Welcome to St. Lucia

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All about St. Lucia

Originally published CARIBBEAN.COM 2004 -
COURTESY DUPUCH PUBLICATIONS © Etienne Dupuch Jr Publications Ltd

Fair Helen of Troy has nothing on St Lucia. St Lucia is so desirable that 14 blood-drenched battles have brought about 14 changes of St Lucia ownership. No wonder the island's national anthem proclaims St Lucia as "the fairest isle in all the world," just as Helen was declared "fairest woman" on the planet.

Twin mountain peaks are St Lucia's signature symbol. Known as the Pitons, French for peak or spike, the colloquial meaning of piton is big nose. World travelers often compare the Pitons with the picture-perfect peaks of the South Pacific. Paul Gauguin would have loved the island, but he chose instead to paint masterpieces on Martinique, the island just north of St Lucia.

Lush, mountainous St Lucia - pronounced St Loosha - boasts a 19,000-acre rain forest as its centrepiece. Some 29 miles of mountain trails provide spectacular views above and beyond the wildest imagination of a Hollywood set designer. The 2.5-mile Enbas Saut Falls route starts at a jungle-clad mountain and ends with cooling, rainforest waterfalls. Athletic visitors will want to go mountain biking on a former plantation near the village of Soufriere. Cool down in the village reservoir, now re-styled as a swimming hole.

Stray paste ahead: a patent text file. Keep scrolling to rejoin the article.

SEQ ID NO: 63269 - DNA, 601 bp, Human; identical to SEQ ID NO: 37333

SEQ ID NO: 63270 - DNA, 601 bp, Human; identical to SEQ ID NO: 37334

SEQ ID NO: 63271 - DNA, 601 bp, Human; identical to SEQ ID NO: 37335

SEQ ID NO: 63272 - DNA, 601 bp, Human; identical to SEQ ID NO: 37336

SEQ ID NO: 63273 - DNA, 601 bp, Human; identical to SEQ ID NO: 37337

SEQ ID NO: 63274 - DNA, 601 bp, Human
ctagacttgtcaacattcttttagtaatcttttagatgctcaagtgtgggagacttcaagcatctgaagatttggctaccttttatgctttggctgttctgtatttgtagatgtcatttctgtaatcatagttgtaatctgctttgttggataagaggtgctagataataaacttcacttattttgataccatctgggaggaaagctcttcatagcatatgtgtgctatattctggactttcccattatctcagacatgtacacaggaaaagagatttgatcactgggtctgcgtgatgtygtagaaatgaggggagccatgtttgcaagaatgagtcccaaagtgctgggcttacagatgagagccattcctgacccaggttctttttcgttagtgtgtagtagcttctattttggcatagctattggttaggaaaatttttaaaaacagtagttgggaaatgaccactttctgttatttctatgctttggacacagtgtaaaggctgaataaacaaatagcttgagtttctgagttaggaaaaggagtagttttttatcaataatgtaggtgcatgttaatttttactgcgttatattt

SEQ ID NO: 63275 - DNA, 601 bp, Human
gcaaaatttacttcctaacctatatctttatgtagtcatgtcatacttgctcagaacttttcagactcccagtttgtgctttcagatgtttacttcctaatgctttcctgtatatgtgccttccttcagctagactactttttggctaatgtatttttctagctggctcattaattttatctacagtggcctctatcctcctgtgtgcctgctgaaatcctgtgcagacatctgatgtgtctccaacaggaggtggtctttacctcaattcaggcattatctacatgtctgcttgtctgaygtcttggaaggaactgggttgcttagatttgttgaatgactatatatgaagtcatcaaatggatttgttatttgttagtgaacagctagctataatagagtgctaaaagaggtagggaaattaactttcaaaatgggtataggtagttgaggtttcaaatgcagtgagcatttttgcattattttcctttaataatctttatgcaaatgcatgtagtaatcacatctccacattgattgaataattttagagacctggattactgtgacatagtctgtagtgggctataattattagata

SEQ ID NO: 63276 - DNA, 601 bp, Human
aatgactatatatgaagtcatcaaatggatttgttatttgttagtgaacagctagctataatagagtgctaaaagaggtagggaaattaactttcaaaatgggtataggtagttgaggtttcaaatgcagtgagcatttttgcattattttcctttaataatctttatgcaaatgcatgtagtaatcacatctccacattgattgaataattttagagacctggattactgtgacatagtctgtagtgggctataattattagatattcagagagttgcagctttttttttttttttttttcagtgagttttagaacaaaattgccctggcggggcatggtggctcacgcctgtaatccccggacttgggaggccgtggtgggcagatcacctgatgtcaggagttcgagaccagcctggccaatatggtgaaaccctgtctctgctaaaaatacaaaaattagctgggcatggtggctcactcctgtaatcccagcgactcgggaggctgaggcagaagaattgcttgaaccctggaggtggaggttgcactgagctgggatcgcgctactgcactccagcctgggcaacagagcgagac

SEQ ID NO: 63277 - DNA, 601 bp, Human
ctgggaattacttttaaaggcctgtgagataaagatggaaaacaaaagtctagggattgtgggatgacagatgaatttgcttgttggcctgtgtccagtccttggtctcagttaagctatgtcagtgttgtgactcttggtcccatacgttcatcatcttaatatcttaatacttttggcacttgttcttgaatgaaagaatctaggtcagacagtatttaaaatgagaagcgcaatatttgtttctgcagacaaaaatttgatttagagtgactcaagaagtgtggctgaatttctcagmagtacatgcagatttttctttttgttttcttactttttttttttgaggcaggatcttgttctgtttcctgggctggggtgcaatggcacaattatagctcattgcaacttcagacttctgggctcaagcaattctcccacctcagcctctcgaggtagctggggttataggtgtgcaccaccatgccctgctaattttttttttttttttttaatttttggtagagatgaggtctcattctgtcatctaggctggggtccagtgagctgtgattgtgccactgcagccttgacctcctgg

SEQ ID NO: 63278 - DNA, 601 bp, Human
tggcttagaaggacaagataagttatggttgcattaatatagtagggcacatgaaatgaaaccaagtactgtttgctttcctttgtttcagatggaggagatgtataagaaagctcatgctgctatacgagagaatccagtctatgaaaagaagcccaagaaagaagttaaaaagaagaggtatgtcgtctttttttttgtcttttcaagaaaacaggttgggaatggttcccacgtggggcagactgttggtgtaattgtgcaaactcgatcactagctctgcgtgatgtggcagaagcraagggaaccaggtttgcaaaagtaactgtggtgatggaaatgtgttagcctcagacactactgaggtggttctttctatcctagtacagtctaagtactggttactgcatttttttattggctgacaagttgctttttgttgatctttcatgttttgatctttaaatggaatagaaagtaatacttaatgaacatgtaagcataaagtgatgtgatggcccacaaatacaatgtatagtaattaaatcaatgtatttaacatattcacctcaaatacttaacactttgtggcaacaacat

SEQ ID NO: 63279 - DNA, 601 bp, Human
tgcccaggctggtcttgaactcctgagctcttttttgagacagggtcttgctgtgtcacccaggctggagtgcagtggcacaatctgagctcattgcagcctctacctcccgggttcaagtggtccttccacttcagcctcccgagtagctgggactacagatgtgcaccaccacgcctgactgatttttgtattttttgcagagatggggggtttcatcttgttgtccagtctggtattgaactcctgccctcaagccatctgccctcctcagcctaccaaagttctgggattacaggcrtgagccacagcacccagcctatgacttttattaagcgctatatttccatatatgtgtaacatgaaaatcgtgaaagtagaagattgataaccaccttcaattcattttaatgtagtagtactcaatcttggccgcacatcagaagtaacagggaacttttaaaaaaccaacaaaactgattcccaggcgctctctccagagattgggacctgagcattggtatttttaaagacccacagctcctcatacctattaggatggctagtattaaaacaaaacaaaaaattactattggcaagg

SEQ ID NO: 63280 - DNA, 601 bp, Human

Some of the island's best beaches are on the protected, or leeward, coast at the island's northern end. The busiest beaches are located between the island's northern tip and the capital city, Castries. Once a venue for all-too-frequent wars and invasions, Castries was named for the Marechal de Castries, a French colonial minister who served as governor of the island in 1784. When not being invaded, Castries had the unfortunate habit of burning down, as happened in 1796, 1812, 1927 and 1948. So there are few remaining examples of Creole architectural gems. Buildings that somehow escaped fires and wars are noted for balconies with gingerbread patterns that are the most intricate of all Eastern Caribbean venues - except for Trinidad. The town centre is Derek Walcott Square. When local scribe Walcott won the Nobel Prize for Literature, it provided the perfect excuse to drop the previous controversial name: Columbus Square. Overlooking the town is Morne Fortune, hilltop scene of the fiercest battles that took place in the 18th century.

Head north from Castries and you will pass the airport, the cruise ship port, and then marvel at the rich, lush countryside with its thousands of banana plants. The family of Empress Josephine, Napoleon's first empress, once owned a plantation on the island's windward side. St Lucians even claim that the first Empress of the French was born on St Lucia, not Martinique. At the Marquis Estate, visit a banana and copra (dried coconut) plantation straight out of the most romantic of South Seas fantasies. St Lucia plantations have, at least in the past, provided the world with a steady supply of bananas, coffee, sugar and cocoa beans. The latter provide the main ingredient for chocolate concoctions so prized by chocoholics.

St Lucia's weather is almost always sunny and warm; brief showers cool the tropical heat. Bring sunblock - also shoes suitable for biking and hiking if that is your forte.


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